2 CD Set: CD 1: 5 Songs, 40:25 Minutes; CD 2: 5 Songs, 41:12 Minutes
Styles: Soul-Influenced Blues, Contemporary Electric Blues, First Studio Album, WOW!
What better time to listen to the blues than when you’re Drivin’? Guitar maverick SaRon Crenshaw’s first studio album proves this point extremely well. Its ten songs, which come on two CD’s, demonstrate why War and Peace came in three volumes: it’s a saga, not a story. Likewise, Crenshaw’s album is a soul blues saga, and deserves such length. Several of the tracks run over ten minutes, but – holy smokes – once you hear their first notes, you won’t care. This is NOT a pretentious display of what I call “guitar flogging” and other purists call something worse. Most of all, this is NOT an amateur’s work, though it’s self-produced. SaRon knows what Eric Clapton does: guitars speak, and wasting notes means wasting words. With a voice as swoon-inducing as his riffs, Crenshaw will be on top of the scene in no time.
What I wish I could do is go on for pages about how fantastic these CD’s are, but in the interest of giving credit where credit’s due, I have to cut myself short and let our hero’s online bio do the talking. “SaRon Crenshaw learned to play guitar at the age of ten. He is an extremely talented guitarist who travels the country playing Jazz and Rhythm and Blues. In the 70’s and 80’s he made his living playing bass for several bands in New Jersey, New York and South Carolina. He has shared stages with talented recording artists such as Lee Fields, Roy Roberts, Denise Lasalle, Bobby Rush, Jessie James, Tyrone Davis, and Chuck Roberson…SaRon plays a Gibson ‘Lucille’ model guitar signed by B.B. King himself.”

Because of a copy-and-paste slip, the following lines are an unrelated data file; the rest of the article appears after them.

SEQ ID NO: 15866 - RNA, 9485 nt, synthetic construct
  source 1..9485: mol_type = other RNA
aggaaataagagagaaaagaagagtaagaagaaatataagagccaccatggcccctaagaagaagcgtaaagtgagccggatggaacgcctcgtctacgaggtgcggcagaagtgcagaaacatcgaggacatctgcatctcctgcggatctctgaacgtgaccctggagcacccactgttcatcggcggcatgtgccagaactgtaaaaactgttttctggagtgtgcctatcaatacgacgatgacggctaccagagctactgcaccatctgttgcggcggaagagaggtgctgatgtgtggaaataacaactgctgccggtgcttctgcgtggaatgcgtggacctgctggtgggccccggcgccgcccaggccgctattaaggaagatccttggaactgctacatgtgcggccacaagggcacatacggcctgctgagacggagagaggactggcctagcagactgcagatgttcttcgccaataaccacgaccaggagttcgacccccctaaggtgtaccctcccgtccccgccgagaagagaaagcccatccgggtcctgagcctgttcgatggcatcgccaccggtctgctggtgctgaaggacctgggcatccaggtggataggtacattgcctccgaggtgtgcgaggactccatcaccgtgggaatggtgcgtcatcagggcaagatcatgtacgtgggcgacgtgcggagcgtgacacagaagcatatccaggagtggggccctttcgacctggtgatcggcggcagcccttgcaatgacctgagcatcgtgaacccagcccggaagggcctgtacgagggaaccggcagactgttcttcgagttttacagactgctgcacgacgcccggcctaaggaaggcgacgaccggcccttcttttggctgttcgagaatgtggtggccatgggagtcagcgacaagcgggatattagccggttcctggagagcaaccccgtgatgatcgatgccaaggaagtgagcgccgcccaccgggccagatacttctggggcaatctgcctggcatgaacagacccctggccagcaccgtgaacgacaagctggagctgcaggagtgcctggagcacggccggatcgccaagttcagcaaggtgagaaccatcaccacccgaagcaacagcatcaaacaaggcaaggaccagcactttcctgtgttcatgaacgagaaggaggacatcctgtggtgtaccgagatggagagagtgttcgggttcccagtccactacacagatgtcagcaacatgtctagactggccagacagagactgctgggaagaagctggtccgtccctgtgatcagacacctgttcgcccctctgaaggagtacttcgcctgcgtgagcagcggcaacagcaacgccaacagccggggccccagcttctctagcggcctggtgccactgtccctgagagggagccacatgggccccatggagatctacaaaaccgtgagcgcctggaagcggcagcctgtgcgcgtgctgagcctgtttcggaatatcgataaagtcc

Along with lead vocalist and guitarist Crenshaw are Tom Larsen on rhythm guitar and featured solos; Eric Finland on C3 Hammond organ; Jimmy Odum on bass guitar; Jordan Rose on drums; Wayne Tucker on horns; Thomas Hutchings on saxophone, and Richard Lee on trumpet.
It’s truly impossible to pick the best three selections out of this set, but here comes my best shot.
Track 01: “Drivin’” – The title track begins with a guitar intro that will start any trip with plenty of zip. “Man! I’m spending a fortune on this car,” SaRon exclaims, and who among us drivers can’t relate? “That daggone salesman, I think he done got over on me, man.” Bummer, but this song definitely isn’t. It’s peppy and salacious, a guilty-pleasure number if there ever was one. The instrumentation is perfectly balanced, shredder solos notwithstanding. It’s a “gas” for sure.
Track 02: “World of Misery” – My mother recently said that if you want to know what Jesus and Christianity are all about, read the book of John. If you want to know what the blues are all about, listen to this lovely litany of woe. “My father passed away this morning; oh, my mother’s on her deathbed, and I got no one to care for me. I’m living in this world of misery. Oh, nobody seems to care, baby, living in this world.” The highlight here is Jimmy Odum’s understated-yet-sinister bass guitar.
Track 01 on Disc 2: “Jailer Blues” – No one likes to go to the Gray Bar Hotel, especially not our protagonist. Nevertheless, that’s where he’s ended up on this tongue-in-cheek track. With a laid-back, old-fashioned feel, it’s a warning that “I hate to tell you, fella, but you’ll never, never pay me.” Eric Finland’s tinkling piano, echoing the era of ragtime, is the flash in this musical gem.
SaRon Crenshaw’s Drivin’ is Rainey Wetnight’s indisputable Pick of 2017, and the year’s not even over!